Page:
American Inline Hockey League games are played on a rectangular inline hockey rink with rounded corners surrounded by walls and Plexiglas. The official size measures 85 by 200 feet (25.91 by 60.92 meters) in the AIHL, but may vary in width from 65 to 100 feet and vary in length from 130 to 200 feet. The center line divides the floor in half, which divides the floor into two attacking zones. Near the end of both ends of the rink, there is a thin red goal line spanning the width of the floor, which is used to judge goals.
While the American Inline Hockey League follows the general rules of inline hockey, it differs slightly from those used in international games organized by the International Roller Sports Federation (FIRS) such as the World Championships. Infractions of the rules can lead to either the stoppage of play or a penalty call for more serious infractions.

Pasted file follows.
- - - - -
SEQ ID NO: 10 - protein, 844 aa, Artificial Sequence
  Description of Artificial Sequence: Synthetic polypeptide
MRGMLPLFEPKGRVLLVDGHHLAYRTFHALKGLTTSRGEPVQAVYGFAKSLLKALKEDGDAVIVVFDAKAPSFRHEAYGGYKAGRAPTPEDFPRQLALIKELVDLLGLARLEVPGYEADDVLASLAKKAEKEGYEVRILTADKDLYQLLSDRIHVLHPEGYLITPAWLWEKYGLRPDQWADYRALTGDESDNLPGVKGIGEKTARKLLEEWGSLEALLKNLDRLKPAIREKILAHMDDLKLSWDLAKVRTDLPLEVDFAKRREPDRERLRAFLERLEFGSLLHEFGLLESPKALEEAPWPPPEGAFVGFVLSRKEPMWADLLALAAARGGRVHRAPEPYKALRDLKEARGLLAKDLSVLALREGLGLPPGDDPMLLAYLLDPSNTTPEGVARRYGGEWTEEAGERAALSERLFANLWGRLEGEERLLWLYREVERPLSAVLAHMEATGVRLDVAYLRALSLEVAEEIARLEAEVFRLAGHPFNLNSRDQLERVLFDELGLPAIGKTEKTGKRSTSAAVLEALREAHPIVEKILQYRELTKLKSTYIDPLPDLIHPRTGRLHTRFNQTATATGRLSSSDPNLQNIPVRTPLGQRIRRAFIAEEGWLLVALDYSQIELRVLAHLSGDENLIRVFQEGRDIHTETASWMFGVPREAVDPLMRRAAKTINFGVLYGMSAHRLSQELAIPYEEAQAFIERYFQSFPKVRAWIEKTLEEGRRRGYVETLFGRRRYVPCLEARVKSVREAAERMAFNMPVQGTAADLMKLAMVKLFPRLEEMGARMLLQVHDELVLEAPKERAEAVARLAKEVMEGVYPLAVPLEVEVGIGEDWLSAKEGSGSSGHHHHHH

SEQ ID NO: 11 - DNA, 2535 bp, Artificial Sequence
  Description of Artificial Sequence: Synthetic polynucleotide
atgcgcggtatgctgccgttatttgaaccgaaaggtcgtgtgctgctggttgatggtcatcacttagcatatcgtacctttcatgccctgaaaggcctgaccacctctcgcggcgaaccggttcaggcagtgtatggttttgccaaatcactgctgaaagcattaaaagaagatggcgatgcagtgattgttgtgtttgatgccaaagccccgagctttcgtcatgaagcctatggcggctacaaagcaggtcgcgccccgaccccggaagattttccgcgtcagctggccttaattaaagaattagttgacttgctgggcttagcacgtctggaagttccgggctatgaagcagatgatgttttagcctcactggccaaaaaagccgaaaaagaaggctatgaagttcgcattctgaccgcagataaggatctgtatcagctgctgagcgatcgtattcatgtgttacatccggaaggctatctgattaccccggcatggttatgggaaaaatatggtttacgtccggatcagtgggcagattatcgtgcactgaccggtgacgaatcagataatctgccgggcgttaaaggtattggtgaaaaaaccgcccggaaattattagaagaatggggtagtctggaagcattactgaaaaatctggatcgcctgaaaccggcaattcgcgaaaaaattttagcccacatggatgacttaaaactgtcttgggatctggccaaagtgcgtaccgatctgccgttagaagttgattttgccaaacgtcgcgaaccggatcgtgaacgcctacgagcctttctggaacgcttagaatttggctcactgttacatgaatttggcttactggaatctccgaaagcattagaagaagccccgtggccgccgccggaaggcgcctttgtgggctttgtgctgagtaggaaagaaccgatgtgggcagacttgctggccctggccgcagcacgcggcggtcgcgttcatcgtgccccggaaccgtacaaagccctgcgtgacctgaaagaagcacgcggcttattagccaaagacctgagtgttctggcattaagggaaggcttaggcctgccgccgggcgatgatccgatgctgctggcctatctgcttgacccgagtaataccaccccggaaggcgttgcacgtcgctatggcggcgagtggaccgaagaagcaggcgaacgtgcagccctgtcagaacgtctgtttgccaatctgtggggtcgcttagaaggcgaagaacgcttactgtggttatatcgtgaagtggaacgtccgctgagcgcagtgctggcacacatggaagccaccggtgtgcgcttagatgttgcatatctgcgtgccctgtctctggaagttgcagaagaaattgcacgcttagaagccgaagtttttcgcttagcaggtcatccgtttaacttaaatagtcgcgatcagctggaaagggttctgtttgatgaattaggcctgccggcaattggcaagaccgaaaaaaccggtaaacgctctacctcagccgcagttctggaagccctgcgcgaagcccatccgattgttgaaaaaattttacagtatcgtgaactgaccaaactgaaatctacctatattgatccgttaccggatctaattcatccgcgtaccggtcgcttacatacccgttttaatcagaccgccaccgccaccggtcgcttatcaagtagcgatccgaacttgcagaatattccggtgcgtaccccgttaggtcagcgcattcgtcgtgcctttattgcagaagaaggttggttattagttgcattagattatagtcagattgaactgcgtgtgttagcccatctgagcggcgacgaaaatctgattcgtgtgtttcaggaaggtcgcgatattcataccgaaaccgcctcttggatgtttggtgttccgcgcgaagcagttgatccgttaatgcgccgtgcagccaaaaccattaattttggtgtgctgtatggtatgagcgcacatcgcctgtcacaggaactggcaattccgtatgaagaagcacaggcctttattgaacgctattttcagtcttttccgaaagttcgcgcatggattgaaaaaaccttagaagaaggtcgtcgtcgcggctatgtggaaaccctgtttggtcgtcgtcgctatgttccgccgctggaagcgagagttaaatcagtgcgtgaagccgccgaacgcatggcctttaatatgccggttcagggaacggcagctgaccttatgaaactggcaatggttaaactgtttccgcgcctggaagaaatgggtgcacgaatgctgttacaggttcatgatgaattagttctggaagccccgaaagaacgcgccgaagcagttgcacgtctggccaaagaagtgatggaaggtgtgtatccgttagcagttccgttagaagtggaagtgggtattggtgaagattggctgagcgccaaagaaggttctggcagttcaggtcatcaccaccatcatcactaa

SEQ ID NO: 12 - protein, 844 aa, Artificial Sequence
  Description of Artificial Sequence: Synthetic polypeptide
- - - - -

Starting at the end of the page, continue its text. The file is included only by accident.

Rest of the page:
The American Inline Hockey League season is divided into an exhibition season (November), a regular season (from the first week in December through early to mid April) and a postseason (the playoffs). During the exhibition season, teams may play other teams from the AIHL. They also may compete against clubs from other leagues. During the regular season, clubs play each other in a predefined schedule. The AIHL playoffs, which go from April to the end of May, is an elimination tournament where two teams play against each other to win a best-of-three series in order to advance to the next round. The final remaining team is crowned champion.
In the regular season, with the current 23-club AIHL geographically split up into two conferences, and each conference having two divisions, each team plays 24 games; either at home, on the road, or a neutral festival/jamboree site. Each division is responsible for declaring their schedule structure.